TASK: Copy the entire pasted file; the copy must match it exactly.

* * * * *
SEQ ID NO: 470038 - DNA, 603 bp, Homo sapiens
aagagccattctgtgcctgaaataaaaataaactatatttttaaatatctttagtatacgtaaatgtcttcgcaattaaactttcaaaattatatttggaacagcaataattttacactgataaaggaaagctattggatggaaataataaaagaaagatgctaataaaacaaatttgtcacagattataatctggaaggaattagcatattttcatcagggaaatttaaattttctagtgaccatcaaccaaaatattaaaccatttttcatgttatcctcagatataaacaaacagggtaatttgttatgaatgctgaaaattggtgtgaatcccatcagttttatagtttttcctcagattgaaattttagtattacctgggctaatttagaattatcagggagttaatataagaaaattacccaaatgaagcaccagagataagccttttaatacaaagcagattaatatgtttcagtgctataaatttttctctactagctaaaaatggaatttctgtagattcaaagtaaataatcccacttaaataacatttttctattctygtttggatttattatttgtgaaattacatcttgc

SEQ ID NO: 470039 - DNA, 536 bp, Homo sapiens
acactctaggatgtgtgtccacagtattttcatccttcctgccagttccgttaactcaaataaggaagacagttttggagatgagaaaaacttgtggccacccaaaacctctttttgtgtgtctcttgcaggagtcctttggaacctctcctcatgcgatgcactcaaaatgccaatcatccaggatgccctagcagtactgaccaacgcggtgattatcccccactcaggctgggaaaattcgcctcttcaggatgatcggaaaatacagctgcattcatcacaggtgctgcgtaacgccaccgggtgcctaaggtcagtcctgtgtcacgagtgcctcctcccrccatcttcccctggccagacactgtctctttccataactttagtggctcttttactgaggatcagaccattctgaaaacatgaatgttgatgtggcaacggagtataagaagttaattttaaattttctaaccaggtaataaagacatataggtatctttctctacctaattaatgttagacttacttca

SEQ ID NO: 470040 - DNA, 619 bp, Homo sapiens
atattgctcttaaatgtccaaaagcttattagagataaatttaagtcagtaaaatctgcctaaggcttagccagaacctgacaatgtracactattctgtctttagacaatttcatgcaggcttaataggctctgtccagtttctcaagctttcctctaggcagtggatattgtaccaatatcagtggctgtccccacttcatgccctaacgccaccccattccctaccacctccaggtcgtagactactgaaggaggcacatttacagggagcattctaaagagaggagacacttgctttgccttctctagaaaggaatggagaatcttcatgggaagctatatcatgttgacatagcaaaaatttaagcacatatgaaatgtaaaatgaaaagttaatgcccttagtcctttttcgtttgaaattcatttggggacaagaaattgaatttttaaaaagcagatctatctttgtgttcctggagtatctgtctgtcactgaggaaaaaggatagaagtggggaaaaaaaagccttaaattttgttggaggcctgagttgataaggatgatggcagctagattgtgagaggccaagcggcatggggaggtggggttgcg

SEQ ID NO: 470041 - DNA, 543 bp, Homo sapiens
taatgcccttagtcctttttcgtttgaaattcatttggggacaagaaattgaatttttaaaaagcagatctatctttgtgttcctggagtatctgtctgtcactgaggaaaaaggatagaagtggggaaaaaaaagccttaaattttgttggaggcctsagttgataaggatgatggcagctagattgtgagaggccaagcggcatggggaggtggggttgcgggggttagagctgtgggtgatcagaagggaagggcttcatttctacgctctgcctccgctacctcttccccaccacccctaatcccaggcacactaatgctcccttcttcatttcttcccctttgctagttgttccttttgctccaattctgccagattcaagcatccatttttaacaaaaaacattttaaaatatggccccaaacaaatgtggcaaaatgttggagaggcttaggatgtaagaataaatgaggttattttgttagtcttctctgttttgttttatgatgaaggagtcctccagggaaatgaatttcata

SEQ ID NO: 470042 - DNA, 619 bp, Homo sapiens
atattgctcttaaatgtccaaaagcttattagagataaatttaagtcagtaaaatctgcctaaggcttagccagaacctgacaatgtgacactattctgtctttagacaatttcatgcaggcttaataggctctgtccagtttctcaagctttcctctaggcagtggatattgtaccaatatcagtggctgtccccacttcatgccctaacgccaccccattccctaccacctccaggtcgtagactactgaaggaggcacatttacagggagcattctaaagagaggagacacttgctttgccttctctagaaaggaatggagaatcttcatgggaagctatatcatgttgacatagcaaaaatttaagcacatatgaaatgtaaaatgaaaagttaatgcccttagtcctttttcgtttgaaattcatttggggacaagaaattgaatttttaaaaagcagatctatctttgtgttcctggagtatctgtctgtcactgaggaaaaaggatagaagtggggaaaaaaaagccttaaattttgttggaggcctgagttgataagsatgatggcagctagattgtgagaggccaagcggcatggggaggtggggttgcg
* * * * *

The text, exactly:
SEQ ID NO: 470038 - DNA, 603 bp, Homo sapiens
aagagccattctgtgcctgaaataaaaataaactatatttttaaatatctttagtatacgtaaatgtcttcgcaattaaactttcaaaattatatttggaacagcaataattttacactgataaaggaaagctattggatggaaataataaaagaaagatgctaataaaacaaatttgtcacagattataatctggaaggaattagcatattttcatcagggaaatttaaattttctagtgaccatcaaccaaaatattaaaccatttttcatgttatcctcagatataaacaaacagggtaatttgttatgaatgctgaaaattggtgtgaatcccatcagttttatagtttttcctcagattgaaattttagtattacctgggctaatttagaattatcagggagttaatataagaaaattacccaaatgaagcaccagagataagccttttaatacaaagcagattaatatgtttcagtgctataaatttttctctactagctaaaaatggaatttctgtagattcaaagtaaataatcccacttaaataacatttttctattctygtttggatttattatttgtgaaattacatcttgc

SEQ ID NO: 470039 - DNA, 536 bp, Homo sapiens
acactctaggatgtgtgtccacagtattttcatccttcctgccagttccgttaactcaaataaggaagacagttttggagatgagaaaaacttgtggccacccaaaacctctttttgtgtgtctcttgcaggagtcctttggaacctctcctcatgcgatgcactcaaaatgccaatcatccaggatgccctagcagtactgaccaacgcggtgattatcccccactcaggctgggaaaattcgcctcttcaggatgatcggaaaatacagctgcattcatcacaggtgctgcgtaacgccaccgggtgcctaaggtcagtcctgtgtcacgagtgcctcctcccrccatcttcccctggccagacactgtctctttccataactttagtggctcttttactgaggatcagaccattctgaaaacatgaatgttgatgtggcaacggagtataagaagttaattttaaattttctaaccaggtaataaagacatataggtatctttctctacctaattaatgttagacttacttca

SEQ ID NO: 470040 - DNA, 619 bp, Homo sapiens
atattgctcttaaatgtccaaaagcttattagagataaatttaagtcagtaaaatctgcctaaggcttagccagaacctgacaatgtracactattctgtctttagacaatttcatgcaggcttaataggctctgtccagtttctcaagctttcctctaggcagtggatattgtaccaatatcagtggctgtccccacttcatgccctaacgccaccccattccctaccacctccaggtcgtagactactgaaggaggcacatttacagggagcattctaaagagaggagacacttgctttgccttctctagaaaggaatggagaatcttcatgggaagctatatcatgttgacatagcaaaaatttaagcacatatgaaatgtaaaatgaaaagttaatgcccttagtcctttttcgtttgaaattcatttggggacaagaaattgaatttttaaaaagcagatctatctttgtgttcctggagtatctgtctgtcactgaggaaaaaggatagaagtggggaaaaaaaagccttaaattttgttggaggcctgagttgataaggatgatggcagctagattgtgagaggccaagcggcatggggaggtggggttgcg

SEQ ID NO: 470041 - DNA, 543 bp, Homo sapiens
taatgcccttagtcctttttcgtttgaaattcatttggggacaagaaattgaatttttaaaaagcagatctatctttgtgttcctggagtatctgtctgtcactgaggaaaaaggatagaagtggggaaaaaaaagccttaaattttgttggaggcctsagttgataaggatgatggcagctagattgtgagaggccaagcggcatggggaggtggggttgcgggggttagagctgtgggtgatcagaagggaagggcttcatttctacgctctgcctccgctacctcttccccaccacccctaatcccaggcacactaatgctcccttcttcatttcttcccctttgctagttgttccttttgctccaattctgccagattcaagcatccatttttaacaaaaaacattttaaaatatggccccaaacaaatgtggcaaaatgttggagaggcttaggatgtaagaataaatgaggttattttgttagtcttctctgttttgttttatgatgaaggagtcctccagggaaatgaatttcata

SEQ ID NO: 470042 - DNA, 619 bp, Homo sapiens
atattgctcttaaatgtccaaaagcttattagagataaatttaagtcagtaaaatctgcctaaggcttagccagaacctgacaatgtgacactattctgtctttagacaatttcatgcaggcttaataggctctgtccagtttctcaagctttcctctaggcagtggatattgtaccaatatcagtggctgtccccacttcatgccctaacgccaccccattccctaccacctccaggtcgtagactactgaaggaggcacatttacagggagcattctaaagagaggagacacttgctttgccttctctagaaaggaatggagaatcttcatgggaagctatatcatgttgacatagcaaaaatttaagcacatatgaaatgtaaaatgaaaagttaatgcccttagtcctttttcgtttgaaattcatttggggacaagaaattgaatttttaaaaagcagatctatctttgtgttcctggagtatctgtctgtcactgaggaaaaaggatagaagtggggaaaaaaaagccttaaattttgttggaggcctgagttgataagsatgatggcagctagattgtgagaggccaagcggcatggggaggtggggttgcg